Broncos' Big Roadblock to Getting Justin Simmons Extended Long-Term Before Deadline Revealed
Denver Broncos safety Justin Simmons is signing his franchise tag for $11.4 million, meaning he is at least locked into that salary for the 2020 season.
Simmons’ agent and the Broncos haven’t come to terms yet on a multi-year contract extension, though it’s possible that could happen before the July 15 deadline (this coming Wednesday). But that begs the question; why is Simmons signing his tag without agreeing to a new contract?
It’s not unusual for players who get the franchise tag to not sign new deals with their teams until days, even hours, before the deadline. That’s happened with every Broncos player who has received the tag and it’s the case with most other teams, too.
The only time in which a player always signs a contract long before the deadline is if the tagged player gets traded. In those cases, a new contract is part of the terms of the trade — teams who trade for tagged players before the deadline want to get a deal done, and the agents for those players want the same.
Looming Salary Cap Uncertainty is Causing Teams to Drag Their Heels
The most likely reason that Simmons has signed his tag now, instead of a long-term extension, is because of uncertainty about the salary cap in 2021 and future years and league revenues in 2020. Although the NFL plans to move forward with the regular season, as usual, reduced fan attendance because of COVID-19 is still expected.
If there is reduced attendance, that means fewer ticket sales if a team hasn’t sold out its season ticket commitments. Though the Broncos have sold out their season tickets dating back many years, even if the team opens up seating to all purchasers, some won't attend out of fear of contracting the virus. Reduced attendance would mean a drop in concessions and merchandise sales at the games.
If Denver follows the example of other teams and mandates a specifically reduced attendance capacity that is less than Empower Field at Mile High's usual 76,125, those season ticket holders who can't attend could either be refunded or credited toward 2021. Either way, a reduction in revenue is virtually guaranteed.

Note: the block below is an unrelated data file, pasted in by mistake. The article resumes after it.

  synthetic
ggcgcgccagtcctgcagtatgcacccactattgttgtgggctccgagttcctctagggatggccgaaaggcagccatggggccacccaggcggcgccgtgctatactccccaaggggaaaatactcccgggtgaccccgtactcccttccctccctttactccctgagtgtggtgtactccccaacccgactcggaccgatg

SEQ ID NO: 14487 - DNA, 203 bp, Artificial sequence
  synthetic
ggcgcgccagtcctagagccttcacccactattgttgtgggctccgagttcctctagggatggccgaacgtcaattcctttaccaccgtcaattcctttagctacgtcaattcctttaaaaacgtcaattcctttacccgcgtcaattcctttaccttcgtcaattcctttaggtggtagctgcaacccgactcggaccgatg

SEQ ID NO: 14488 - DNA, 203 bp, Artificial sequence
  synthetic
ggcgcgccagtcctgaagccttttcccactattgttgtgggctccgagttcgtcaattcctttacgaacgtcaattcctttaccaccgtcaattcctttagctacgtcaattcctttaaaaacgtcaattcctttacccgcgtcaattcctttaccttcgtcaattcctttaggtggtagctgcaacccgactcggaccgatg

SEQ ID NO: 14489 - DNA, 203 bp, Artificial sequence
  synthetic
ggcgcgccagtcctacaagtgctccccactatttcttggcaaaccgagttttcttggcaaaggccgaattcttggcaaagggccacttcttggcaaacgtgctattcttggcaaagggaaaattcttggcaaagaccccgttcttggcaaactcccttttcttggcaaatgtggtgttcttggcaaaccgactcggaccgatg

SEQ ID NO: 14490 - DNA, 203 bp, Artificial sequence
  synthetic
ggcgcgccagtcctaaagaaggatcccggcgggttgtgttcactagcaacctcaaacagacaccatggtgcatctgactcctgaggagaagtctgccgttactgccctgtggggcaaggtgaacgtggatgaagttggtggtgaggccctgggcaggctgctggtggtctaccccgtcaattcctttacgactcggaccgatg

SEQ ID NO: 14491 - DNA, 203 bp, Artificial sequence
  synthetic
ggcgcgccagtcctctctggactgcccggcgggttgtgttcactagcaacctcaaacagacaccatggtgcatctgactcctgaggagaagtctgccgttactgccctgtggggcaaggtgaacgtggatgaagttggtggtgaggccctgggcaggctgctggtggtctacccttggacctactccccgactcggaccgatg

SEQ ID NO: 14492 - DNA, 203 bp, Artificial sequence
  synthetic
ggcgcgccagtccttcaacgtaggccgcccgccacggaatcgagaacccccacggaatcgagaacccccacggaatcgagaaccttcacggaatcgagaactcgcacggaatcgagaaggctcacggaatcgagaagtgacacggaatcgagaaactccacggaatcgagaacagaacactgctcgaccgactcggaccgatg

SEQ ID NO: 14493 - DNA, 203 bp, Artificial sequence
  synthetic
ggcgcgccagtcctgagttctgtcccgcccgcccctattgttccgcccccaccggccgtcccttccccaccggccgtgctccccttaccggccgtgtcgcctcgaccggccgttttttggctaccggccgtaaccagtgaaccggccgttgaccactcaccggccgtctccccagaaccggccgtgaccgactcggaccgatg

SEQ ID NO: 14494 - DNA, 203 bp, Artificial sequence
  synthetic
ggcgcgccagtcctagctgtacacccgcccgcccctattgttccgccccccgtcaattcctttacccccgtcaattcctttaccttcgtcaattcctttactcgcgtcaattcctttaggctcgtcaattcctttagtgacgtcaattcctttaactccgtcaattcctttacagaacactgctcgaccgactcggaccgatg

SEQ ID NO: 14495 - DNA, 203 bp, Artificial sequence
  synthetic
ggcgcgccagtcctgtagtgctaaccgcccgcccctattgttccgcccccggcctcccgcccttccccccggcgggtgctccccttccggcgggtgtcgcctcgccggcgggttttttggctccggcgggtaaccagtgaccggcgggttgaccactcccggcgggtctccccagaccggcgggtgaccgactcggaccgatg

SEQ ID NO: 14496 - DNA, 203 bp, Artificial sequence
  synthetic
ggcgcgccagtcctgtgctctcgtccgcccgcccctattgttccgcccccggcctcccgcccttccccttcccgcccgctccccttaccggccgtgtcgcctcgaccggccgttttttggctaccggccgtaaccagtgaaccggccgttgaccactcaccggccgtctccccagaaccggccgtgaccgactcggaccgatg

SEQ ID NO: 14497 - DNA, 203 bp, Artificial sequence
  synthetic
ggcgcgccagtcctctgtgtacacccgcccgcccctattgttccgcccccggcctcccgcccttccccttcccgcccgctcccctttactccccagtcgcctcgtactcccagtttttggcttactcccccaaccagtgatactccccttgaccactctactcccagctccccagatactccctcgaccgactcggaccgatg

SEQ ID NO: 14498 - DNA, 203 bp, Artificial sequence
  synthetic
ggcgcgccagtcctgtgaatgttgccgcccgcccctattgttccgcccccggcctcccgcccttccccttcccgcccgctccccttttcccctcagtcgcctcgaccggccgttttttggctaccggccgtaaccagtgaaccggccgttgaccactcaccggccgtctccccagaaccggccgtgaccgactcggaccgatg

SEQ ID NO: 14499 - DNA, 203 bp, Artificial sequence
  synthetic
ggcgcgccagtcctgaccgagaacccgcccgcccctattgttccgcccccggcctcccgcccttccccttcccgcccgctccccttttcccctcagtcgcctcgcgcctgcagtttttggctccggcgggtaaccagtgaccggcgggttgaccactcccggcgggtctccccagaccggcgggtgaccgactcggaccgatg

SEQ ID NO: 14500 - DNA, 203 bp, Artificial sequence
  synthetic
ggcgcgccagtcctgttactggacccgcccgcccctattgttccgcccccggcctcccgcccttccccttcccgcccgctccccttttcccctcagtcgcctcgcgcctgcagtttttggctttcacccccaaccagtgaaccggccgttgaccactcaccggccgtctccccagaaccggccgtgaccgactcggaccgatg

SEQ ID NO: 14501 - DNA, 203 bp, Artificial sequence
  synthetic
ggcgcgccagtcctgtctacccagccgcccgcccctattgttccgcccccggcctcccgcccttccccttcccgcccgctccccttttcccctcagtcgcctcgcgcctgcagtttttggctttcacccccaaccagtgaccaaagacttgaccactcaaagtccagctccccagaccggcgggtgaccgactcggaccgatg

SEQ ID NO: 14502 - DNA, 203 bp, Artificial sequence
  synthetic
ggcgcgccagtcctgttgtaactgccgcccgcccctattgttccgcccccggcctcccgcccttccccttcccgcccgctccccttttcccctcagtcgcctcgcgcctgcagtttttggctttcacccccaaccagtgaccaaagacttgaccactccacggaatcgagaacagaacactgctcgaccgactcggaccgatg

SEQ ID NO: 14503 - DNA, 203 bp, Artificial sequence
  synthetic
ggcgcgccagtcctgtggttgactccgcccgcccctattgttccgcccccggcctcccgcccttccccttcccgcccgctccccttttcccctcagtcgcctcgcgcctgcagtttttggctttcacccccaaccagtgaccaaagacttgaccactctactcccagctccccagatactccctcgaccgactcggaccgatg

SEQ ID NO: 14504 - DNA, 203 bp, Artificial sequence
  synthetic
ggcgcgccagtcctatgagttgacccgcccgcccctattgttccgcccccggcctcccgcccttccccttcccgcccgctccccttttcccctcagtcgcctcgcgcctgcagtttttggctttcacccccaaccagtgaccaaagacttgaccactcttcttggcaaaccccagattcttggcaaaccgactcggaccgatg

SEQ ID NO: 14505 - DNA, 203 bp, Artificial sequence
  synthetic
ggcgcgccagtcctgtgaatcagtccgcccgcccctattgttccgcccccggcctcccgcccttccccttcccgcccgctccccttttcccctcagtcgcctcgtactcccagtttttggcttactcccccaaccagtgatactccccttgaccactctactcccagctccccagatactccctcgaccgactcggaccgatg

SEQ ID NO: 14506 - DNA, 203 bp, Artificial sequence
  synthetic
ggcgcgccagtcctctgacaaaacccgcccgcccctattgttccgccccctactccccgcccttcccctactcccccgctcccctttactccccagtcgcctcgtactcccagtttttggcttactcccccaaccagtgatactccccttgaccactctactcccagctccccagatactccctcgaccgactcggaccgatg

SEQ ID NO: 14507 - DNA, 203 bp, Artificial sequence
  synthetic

And for other teams who don’t sell out their season tickets, the revenue sharing in place means a lower total sum from in-person attendance. While revenue sources such as television deals should remain steady, other sources may not.
All of that means some uncertainty for every team — the Broncos included — about the future of the cap. Therefore, the Broncos may be uncertain about how to accommodate a contract extension for Simmons and are playing a 'wait and see' game.
Meanwhile, Simmons likely believes it’s best to lock himself into his salary, because he wants to stay with the team, and hope for the best in getting an extension down the road.
My Proposal: Amend the New CBA to Extend Franchise Tag Deadline
The NFL and NFLPA are negotiating contingency plans in case games are reduced or canceled because of the COVID-19 pandemic. Among those contingencies are protocols for what will happen with the salary cap in future seasons. But these negotiations are coming close to the deadline for franchise-tagged players to sign extensions.
I’m not sure why the NFL and NFLPA took so long to do this, but I don’t think Simmons and other players who have signed their franchise tags should be penalized for that delay, nor should their respective teams, when it comes to getting a new contract.
Therefore, I would propose that the NFL and NFLPA agree to another CBA amendment, to allow all players who have signed their franchise tags by the July 15 deadline to negotiate new deals with their teams, up until the start of the regular season.
Doing that would allow players and teams who have been negotiating in good faith, but weren’t certain what the future might hold for the salary cap, to continue negotiations and have the chance to reach agreement on a new contract.
If that doesn’t get codified, and the Broncos and Simmons don’t finalize a contract by July 15, I don’t think it necessarily leads to prices going up even more. The only player who has agreed to a significant contract extension since the draft is Patrick Mahomes and he plays the premium position to end all premium positions.
Safety isn’t a premium position — the only other safety under a franchise tag is Anthony Harris of the Minnesota Vikings — and if teams and players are uncertain about the future of the salary cap, then I don’t see a lot of safeties getting big contracts that re-set the market.
I do hold some hope that the Broncos and Simmons will get a deal done, but this was an unusual offseason, in which few predicted back in January that a pandemic would leave so much uncertainty about the things we take for granted.
All that said, this is by no means an indictment of the Broncos front office, nor of Simmons’ agent. It’s simply unfortunate circumstances that are raising league-wide questions about revenues. In the end, I still believe the Broncos and Simmons get a deal done, even if it happens much later than anticipated.